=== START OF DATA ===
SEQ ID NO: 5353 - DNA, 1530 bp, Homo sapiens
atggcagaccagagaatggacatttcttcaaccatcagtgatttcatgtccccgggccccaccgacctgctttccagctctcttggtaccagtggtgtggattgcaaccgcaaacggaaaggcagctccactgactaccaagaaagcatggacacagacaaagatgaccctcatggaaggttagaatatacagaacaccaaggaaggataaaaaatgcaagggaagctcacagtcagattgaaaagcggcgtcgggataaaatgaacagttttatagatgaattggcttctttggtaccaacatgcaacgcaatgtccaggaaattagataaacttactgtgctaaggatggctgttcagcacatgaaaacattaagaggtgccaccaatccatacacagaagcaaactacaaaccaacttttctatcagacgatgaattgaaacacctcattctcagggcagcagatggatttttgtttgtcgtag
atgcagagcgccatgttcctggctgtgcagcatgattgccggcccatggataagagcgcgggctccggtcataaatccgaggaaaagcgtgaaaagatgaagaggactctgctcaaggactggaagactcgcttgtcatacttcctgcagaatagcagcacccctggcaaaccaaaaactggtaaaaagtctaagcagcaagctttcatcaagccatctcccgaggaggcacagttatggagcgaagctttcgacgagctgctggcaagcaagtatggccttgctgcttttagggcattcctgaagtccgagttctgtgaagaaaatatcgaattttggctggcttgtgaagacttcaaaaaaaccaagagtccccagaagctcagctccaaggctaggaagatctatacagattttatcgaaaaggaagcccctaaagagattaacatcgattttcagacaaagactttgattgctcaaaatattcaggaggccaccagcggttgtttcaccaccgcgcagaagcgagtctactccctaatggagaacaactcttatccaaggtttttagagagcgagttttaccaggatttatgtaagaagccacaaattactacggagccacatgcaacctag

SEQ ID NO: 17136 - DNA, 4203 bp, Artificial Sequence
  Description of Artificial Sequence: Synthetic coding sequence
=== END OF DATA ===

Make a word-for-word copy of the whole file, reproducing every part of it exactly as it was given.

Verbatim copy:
SEQ ID NO: 5353 - DNA, 1530 bp, Homo sapiens
atggcagaccagagaatggacatttcttcaaccatcagtgatttcatgtccccgggccccaccgacctgctttccagctctcttggtaccagtggtgtggattgcaaccgcaaacggaaaggcagctccactgactaccaagaaagcatggacacagacaaagatgaccctcatggaaggttagaatatacagaacaccaaggaaggataaaaaatgcaagggaagctcacagtcagattgaaaagcggcgtcgggataaaatgaacagttttatagatgaattggcttctttggtaccaacatgcaacgcaatgtccaggaaattagataaacttactgtgctaaggatggctgttcagcacatgaaaacattaagaggtgccaccaatccatacacagaagcaaactacaaaccaacttttctatcagacgatgaattgaaacacctcattctcagggcagcagatggatttttgtttgtcgtag
atgcagagcgccatgttcctggctgtgcagcatgattgccggcccatggataagagcgcgggctccggtcataaatccgaggaaaagcgtgaaaagatgaagaggactctgctcaaggactggaagactcgcttgtcatacttcctgcagaatagcagcacccctggcaaaccaaaaactggtaaaaagtctaagcagcaagctttcatcaagccatctcccgaggaggcacagttatggagcgaagctttcgacgagctgctggcaagcaagtatggccttgctgcttttagggcattcctgaagtccgagttctgtgaagaaaatatcgaattttggctggcttgtgaagacttcaaaaaaaccaagagtccccagaagctcagctccaaggctaggaagatctatacagattttatcgaaaaggaagcccctaaagagattaacatcgattttcagacaaagactttgattgctcaaaatattcaggaggccaccagcggttgtttcaccaccgcgcagaagcgagtctactccctaatggagaacaactcttatccaaggtttttagagagcgagttttaccaggatttatgtaagaagccacaaattactacggagccacatgcaacctag

SEQ ID NO: 17136 - DNA, 4203 bp, Artificial Sequence
  Description of Artificial Sequence: Synthetic coding sequence